If you need constant excitement in your relationship, you’re likely heading for a break-up. No relationship can offer constant fun. If you start to say to yourself, or your partner, “We never have any fun anymore,” that’s okay! Talk about it! Ask for what you need and want. Discuss what you’re willing to sacrifice to make positive changes to the relationship. Show your partner what you’re willing to give up in the schedule to make time for new adventures. For example, how willing are you to help your partner with their daily tasks to make their life easier and create availability in their schedule for the fun time you crave?
Soulmates are not found. They are made.
You pick a person, just about any person, and as long as there is mutual commitment to trust and sacrifice for each other, the relationship has a great chance of surviving and thriving for the long haul. We all grow and change together. The soulmate you find today may be somewhat different in a year, and possibly very different in ten years.
What if s/he changes over time?
Few people change dramatically overnight. Growth takes time, and what matters is growing together. You might find your soulmate at the grocery store, or at a club, church, school, or office. You just won’t know it’s them yet. Even if you feel a strong connection right away, this is short-term emotional excitement. This represents attraction, aroused interest, novelty, and curiosity, but not love. Find a person you like now, and help them to grow over time, loving and sacrificing for them to help them reach their full potential as a person and partner. As they do the same for you, they solidify their place as your soulmate.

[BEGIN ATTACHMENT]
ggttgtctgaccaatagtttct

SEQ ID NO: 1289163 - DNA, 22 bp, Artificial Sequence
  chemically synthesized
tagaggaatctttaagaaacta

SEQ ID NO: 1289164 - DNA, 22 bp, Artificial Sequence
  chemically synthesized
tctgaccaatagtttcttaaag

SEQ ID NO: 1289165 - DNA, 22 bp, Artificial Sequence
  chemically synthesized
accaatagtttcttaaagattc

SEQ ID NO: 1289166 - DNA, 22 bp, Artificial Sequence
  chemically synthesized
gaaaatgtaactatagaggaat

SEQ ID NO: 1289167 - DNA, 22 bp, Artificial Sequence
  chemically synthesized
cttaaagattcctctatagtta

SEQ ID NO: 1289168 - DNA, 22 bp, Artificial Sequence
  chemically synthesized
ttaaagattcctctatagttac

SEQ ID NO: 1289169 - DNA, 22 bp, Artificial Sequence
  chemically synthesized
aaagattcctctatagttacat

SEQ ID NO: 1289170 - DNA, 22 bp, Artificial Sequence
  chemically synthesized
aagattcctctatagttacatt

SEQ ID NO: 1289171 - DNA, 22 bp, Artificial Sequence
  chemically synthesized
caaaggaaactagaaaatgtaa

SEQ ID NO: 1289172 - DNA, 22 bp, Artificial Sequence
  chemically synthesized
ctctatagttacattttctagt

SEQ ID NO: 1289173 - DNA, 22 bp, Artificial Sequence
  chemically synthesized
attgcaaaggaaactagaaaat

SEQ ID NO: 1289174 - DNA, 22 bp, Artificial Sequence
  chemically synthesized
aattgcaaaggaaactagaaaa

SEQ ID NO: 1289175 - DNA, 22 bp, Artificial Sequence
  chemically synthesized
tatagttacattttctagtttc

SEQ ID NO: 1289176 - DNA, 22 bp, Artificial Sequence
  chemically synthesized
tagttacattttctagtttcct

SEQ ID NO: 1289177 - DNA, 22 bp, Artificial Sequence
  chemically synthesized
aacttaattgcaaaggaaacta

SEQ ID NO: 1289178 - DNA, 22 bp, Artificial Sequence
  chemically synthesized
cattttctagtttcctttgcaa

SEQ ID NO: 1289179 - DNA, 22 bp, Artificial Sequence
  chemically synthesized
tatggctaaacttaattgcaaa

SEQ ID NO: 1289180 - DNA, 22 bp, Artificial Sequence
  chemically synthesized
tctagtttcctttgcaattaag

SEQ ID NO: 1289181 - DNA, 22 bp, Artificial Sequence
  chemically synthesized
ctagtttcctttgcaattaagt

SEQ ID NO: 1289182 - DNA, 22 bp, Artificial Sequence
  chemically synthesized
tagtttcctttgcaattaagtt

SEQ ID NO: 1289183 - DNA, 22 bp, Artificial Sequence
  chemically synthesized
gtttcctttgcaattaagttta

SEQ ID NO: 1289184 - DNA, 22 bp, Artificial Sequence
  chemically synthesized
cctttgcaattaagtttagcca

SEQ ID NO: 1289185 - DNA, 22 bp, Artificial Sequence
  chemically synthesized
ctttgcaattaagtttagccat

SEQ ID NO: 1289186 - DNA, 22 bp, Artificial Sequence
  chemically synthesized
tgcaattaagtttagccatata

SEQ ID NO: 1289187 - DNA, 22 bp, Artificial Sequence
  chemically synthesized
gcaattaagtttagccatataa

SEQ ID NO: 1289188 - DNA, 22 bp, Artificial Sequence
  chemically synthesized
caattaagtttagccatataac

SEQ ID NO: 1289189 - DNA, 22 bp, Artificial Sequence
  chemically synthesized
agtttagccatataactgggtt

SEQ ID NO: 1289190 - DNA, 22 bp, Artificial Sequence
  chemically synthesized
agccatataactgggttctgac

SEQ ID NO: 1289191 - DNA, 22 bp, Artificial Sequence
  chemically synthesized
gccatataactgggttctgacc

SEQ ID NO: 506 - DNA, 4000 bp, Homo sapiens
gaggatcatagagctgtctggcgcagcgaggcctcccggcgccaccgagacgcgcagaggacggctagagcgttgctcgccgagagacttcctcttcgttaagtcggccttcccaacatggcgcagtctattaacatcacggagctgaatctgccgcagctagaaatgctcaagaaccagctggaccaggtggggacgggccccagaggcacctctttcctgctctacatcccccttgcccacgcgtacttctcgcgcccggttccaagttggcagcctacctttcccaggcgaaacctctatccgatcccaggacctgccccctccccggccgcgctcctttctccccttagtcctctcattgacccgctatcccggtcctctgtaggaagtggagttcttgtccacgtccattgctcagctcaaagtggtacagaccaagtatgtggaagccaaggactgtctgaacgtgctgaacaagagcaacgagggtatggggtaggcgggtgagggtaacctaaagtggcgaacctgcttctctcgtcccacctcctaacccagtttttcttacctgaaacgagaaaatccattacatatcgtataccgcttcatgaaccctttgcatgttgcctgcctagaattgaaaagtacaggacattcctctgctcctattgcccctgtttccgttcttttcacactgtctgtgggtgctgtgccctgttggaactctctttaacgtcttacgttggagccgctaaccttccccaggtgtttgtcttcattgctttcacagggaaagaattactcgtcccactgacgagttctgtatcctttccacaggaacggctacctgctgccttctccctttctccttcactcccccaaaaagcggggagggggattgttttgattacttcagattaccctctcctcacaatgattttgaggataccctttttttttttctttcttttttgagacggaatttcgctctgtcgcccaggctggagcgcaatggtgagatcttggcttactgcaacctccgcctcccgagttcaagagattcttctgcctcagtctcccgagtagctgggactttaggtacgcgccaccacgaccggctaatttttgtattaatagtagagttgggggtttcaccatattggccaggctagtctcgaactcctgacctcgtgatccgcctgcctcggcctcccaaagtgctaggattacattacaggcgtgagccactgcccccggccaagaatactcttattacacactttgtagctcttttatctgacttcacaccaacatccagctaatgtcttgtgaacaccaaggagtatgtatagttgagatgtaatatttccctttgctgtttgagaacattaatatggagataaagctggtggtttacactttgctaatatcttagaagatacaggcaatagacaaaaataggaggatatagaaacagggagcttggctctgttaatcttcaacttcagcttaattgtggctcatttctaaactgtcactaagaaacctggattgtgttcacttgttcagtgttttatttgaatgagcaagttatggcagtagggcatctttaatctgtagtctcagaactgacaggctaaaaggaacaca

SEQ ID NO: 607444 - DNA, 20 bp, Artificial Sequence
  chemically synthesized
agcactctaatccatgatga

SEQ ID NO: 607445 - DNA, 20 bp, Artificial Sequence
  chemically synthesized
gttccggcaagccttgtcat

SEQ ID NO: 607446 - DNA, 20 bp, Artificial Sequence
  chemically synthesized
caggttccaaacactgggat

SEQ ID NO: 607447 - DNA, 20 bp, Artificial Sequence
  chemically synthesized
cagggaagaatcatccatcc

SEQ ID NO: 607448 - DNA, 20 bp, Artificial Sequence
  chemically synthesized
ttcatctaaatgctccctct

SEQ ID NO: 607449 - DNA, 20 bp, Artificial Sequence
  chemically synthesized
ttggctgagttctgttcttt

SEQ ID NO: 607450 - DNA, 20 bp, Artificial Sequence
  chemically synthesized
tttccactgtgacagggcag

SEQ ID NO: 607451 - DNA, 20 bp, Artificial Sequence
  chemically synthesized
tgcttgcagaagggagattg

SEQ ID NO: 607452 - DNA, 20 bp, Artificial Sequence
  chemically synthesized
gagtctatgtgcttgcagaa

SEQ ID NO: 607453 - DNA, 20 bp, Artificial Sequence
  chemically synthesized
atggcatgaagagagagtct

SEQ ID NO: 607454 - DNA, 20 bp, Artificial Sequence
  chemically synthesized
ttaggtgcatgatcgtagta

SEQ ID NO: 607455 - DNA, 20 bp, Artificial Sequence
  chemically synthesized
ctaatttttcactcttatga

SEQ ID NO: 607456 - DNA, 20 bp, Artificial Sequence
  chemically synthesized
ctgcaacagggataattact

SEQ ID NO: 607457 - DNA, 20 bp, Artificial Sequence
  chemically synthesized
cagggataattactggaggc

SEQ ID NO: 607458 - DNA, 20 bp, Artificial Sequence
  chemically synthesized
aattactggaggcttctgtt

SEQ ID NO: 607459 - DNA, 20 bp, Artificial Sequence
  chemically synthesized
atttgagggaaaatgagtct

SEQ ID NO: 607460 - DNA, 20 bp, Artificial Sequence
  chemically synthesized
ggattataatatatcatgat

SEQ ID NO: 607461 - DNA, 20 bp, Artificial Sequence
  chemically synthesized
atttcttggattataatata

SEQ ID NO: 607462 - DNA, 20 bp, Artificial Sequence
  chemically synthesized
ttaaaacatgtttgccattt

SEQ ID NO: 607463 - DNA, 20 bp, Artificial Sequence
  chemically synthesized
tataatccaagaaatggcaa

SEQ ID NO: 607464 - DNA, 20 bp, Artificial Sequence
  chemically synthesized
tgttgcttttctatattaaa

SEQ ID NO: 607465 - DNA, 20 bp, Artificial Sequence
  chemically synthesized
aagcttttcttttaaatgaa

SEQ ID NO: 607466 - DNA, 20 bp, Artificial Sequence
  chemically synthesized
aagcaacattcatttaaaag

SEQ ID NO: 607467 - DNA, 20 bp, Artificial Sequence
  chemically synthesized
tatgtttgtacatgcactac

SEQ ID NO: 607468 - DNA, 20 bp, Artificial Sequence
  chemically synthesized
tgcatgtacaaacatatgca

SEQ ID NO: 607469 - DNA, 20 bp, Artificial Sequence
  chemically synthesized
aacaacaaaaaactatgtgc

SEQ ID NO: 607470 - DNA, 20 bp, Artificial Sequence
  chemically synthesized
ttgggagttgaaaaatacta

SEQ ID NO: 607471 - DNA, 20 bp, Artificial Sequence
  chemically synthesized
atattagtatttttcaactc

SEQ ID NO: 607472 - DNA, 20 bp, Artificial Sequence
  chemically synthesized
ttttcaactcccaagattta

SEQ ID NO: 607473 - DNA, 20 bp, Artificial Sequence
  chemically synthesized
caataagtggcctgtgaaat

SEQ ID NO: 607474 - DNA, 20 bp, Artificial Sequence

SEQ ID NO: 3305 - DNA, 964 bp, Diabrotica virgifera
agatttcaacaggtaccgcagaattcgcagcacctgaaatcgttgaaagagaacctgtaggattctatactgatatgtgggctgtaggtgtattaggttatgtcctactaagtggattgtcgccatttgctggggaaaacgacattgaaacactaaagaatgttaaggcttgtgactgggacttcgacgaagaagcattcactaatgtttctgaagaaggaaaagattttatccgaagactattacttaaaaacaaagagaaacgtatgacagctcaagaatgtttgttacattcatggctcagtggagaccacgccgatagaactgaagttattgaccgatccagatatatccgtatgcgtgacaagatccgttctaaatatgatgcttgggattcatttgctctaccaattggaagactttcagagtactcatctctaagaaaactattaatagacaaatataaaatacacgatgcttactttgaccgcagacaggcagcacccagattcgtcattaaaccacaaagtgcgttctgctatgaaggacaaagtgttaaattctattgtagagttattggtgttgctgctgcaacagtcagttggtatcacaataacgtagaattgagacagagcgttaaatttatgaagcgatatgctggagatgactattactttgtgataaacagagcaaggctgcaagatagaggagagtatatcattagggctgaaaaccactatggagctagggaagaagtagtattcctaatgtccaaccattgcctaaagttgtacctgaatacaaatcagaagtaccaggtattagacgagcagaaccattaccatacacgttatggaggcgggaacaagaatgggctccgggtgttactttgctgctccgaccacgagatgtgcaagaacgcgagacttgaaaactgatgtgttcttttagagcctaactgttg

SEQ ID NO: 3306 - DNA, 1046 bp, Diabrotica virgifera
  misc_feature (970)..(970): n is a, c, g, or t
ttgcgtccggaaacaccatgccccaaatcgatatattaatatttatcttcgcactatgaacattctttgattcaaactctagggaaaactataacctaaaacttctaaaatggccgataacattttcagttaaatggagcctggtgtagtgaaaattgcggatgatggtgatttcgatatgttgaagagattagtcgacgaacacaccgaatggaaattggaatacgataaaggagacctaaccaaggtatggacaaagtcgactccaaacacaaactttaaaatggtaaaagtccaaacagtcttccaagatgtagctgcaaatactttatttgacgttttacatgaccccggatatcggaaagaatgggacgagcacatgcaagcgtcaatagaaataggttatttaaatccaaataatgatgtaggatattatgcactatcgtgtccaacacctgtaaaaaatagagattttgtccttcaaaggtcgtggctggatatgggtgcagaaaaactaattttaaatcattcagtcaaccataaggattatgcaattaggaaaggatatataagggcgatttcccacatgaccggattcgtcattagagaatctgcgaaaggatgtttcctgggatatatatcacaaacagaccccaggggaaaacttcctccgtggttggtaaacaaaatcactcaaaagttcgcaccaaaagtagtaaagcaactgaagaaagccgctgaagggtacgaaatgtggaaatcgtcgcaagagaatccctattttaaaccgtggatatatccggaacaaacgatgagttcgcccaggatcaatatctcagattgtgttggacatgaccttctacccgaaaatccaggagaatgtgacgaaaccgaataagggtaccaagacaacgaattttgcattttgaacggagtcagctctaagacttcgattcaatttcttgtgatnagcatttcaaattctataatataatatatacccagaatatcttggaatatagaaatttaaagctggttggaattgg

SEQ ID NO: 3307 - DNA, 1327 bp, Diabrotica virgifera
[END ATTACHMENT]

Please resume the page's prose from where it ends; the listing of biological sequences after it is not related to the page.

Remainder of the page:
I love him/her, but it feels like it’s not working anymore…
If you’re already in a committed relationship and it’s not feeling like a soulmate situation, this doesn’t mean you picked the wrong person. It means you’ve both got some work ahead of you to become the soulmate each other deserves. Relationships are a team game, and you have to play WITH and FOR your teammate. You’re bound to lose the game of love when you start playing only for yourself. Be the partner you want your partner to become. You can’t change them. You can only change yourself, and appeal to their love for you in requesting that they also make some changes. Show love and ask for it in return. Be open about your needs and desires. And when they follow through, even on the small things, give them credit!
Should we just tough it out?
If it’s still difficult, get help. Talk to a psychologist, a therapist, a pastor, or maybe for starters, a happy long-term couple that you know and trust. Relationships are not meant to be lived in isolation, but in supportive community. If your partner changes, you’ll probably need to make changes as well. You can’t find a soulmate. But you can be one, and help your partner become one too.
Dr. Robert Pate is a licensed Clinical Psychologist (PSY27089) practicing in Orange County, California. For more information about Dr. Pate’s practice, call 657-200-8080 or visit www.cavfamilytherapy.com.